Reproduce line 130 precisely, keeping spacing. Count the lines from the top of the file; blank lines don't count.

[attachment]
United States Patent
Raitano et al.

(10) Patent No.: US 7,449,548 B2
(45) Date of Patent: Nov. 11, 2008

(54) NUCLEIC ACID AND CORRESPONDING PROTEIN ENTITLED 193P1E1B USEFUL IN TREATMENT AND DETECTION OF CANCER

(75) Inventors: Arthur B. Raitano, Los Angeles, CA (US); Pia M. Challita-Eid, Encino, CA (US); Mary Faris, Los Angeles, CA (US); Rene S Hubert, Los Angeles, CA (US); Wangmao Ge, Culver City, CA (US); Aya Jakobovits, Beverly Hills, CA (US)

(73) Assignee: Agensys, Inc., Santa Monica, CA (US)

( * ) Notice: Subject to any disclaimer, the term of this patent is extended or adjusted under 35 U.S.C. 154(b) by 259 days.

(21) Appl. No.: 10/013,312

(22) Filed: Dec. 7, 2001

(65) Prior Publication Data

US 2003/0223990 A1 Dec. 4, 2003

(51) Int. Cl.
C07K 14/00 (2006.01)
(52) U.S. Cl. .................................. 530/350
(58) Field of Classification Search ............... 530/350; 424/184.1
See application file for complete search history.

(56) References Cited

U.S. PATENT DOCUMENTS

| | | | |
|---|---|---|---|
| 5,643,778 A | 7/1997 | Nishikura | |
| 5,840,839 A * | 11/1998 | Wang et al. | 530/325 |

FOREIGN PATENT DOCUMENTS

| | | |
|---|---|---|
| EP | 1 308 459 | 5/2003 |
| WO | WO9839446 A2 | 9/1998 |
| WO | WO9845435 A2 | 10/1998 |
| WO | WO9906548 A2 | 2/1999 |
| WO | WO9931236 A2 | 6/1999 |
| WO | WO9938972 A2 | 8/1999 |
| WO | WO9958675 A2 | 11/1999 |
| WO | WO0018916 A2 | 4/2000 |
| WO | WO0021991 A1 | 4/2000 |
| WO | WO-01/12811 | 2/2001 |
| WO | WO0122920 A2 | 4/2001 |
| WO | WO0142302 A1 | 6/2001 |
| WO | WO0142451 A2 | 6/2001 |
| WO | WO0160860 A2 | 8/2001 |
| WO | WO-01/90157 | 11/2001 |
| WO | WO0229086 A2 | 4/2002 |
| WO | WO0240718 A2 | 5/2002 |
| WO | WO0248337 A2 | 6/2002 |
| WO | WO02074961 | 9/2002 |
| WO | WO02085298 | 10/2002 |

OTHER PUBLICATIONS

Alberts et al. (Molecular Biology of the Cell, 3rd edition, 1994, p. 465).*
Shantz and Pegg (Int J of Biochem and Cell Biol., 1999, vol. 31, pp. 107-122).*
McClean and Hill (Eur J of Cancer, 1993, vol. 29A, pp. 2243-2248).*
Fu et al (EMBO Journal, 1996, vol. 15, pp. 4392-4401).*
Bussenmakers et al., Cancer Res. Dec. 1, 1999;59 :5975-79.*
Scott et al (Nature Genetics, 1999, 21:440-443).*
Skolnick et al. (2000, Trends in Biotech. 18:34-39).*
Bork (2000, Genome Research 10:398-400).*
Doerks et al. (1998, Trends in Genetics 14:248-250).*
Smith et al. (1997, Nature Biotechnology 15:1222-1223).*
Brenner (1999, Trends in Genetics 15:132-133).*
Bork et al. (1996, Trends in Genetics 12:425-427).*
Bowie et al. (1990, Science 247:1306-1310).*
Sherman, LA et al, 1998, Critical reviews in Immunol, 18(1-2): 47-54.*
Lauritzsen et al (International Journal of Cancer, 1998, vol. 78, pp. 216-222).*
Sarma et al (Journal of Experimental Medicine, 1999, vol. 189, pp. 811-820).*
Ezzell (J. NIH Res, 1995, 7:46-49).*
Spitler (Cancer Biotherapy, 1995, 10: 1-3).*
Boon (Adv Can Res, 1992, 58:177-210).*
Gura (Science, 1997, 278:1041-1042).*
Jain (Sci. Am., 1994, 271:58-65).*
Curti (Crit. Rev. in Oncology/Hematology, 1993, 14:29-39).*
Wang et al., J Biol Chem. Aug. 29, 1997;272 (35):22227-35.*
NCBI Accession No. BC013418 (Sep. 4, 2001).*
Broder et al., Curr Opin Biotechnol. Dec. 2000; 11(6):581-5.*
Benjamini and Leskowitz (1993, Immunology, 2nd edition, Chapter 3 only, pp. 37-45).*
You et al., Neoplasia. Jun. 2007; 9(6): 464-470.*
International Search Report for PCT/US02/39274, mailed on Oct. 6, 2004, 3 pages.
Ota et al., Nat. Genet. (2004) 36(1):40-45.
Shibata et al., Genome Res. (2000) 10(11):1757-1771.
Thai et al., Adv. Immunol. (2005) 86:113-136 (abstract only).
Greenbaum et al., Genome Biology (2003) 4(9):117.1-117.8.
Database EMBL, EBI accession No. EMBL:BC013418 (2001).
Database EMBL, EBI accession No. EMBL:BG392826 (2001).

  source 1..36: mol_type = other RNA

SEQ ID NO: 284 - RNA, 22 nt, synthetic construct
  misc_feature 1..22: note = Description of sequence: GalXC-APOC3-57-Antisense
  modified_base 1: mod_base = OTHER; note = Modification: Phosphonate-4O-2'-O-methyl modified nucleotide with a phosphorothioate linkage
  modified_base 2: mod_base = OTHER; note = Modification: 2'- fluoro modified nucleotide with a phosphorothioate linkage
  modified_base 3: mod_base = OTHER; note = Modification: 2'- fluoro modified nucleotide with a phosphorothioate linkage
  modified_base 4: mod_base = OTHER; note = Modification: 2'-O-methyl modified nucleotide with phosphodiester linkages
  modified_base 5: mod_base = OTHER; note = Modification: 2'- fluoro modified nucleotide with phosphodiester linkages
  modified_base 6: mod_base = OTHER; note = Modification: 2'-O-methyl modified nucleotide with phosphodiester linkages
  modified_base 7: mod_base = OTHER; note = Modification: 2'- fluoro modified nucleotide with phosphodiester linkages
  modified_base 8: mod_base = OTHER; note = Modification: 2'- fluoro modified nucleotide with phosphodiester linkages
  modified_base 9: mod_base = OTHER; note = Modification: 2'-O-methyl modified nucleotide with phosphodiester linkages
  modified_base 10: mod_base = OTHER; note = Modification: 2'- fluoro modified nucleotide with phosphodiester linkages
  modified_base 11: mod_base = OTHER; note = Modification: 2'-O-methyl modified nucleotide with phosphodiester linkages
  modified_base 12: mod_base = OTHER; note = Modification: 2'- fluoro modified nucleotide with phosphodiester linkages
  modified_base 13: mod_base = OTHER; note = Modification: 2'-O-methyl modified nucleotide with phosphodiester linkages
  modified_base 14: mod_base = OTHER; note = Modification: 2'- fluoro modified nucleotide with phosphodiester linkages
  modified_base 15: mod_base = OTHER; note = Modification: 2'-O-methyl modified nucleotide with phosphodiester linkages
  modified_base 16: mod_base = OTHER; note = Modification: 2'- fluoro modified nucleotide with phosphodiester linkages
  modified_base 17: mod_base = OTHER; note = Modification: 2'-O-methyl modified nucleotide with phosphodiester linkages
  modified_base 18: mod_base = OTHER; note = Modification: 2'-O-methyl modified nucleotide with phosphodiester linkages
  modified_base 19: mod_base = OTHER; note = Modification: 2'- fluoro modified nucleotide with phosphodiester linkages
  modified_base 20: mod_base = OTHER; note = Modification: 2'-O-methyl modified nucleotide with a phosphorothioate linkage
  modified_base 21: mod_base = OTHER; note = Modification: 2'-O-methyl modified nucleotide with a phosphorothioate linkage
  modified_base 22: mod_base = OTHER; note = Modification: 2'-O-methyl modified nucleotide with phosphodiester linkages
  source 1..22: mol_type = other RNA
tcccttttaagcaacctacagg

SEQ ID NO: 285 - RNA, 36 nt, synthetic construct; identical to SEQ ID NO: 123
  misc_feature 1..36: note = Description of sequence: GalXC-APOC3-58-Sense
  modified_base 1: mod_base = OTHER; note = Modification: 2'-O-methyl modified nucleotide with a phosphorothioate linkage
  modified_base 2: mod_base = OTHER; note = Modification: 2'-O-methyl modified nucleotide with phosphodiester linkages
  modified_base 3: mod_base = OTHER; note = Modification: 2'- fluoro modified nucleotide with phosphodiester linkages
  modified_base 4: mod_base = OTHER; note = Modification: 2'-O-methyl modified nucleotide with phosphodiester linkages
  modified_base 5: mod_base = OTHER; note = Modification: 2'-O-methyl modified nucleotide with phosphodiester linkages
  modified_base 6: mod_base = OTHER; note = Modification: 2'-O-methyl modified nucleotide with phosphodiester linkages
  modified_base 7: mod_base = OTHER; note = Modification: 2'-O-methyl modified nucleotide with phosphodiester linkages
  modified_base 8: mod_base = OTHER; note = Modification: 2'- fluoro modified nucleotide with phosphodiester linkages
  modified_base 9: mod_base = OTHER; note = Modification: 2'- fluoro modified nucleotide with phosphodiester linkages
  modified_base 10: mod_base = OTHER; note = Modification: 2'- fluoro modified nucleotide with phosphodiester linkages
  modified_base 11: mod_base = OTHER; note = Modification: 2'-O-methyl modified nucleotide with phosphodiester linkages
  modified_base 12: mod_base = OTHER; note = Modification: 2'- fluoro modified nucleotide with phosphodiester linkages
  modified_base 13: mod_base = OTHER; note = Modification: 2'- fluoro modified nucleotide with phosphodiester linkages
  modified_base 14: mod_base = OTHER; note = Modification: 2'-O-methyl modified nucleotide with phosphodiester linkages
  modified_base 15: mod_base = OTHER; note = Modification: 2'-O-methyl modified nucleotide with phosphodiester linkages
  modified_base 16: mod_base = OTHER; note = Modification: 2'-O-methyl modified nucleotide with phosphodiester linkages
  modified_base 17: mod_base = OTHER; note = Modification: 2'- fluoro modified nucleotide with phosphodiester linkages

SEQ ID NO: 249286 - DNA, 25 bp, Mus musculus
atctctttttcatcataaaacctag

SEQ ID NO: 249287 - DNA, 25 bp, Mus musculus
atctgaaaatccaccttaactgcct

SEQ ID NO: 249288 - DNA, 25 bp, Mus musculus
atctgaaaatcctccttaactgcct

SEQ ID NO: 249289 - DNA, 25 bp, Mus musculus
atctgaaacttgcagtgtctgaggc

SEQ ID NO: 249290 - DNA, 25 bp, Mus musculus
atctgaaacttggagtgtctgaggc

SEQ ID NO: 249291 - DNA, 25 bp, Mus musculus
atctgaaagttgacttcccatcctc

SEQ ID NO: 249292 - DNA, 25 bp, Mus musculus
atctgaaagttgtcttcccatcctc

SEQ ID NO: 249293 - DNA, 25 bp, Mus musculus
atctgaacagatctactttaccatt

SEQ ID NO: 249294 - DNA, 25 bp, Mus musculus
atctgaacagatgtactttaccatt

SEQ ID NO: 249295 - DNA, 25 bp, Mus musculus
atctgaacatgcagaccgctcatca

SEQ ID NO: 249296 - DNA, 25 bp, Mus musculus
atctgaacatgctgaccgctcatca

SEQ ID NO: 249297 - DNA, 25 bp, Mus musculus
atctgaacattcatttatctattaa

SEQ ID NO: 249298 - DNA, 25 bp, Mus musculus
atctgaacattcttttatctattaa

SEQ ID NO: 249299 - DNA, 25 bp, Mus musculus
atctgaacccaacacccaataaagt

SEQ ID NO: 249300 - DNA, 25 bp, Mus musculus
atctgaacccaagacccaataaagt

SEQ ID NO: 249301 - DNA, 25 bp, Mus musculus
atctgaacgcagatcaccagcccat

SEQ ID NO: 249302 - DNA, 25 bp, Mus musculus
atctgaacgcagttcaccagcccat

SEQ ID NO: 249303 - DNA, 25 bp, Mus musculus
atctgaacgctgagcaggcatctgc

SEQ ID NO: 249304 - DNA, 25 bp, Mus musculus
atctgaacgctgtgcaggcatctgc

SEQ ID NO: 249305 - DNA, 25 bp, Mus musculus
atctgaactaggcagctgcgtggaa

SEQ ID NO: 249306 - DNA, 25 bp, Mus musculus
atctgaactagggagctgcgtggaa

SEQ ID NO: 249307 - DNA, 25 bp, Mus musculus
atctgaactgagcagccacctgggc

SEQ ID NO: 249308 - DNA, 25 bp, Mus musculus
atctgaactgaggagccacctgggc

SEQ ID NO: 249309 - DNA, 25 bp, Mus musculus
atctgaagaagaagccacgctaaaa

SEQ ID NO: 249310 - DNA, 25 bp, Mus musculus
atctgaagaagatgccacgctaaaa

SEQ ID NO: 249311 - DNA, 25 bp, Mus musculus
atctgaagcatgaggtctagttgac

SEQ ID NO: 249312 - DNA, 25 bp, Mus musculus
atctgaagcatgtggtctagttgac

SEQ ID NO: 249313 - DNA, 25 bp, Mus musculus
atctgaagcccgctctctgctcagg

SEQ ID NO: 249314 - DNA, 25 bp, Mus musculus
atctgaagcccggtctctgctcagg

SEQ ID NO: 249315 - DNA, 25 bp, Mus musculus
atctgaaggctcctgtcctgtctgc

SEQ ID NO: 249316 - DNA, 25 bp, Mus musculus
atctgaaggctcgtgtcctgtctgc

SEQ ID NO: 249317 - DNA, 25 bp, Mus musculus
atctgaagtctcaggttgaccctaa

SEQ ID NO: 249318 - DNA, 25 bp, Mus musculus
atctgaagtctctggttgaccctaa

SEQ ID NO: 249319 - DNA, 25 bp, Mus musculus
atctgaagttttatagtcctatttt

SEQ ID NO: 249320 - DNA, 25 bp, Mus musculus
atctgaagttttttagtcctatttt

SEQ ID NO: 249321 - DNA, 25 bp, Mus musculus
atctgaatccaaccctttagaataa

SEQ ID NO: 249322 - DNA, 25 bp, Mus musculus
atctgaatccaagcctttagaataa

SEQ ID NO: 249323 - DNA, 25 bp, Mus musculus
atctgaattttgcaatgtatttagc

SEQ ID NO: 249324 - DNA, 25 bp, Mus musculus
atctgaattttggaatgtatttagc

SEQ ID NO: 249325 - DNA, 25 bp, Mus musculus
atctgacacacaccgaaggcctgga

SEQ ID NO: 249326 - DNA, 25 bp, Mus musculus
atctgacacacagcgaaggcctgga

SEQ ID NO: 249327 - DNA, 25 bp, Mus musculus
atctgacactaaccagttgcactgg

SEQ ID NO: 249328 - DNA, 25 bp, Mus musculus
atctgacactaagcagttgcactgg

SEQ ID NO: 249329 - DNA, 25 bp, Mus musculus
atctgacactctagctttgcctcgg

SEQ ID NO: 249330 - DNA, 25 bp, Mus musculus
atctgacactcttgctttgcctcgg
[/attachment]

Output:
SEQ ID NO: 249287 - DNA, 25 bp, Mus musculus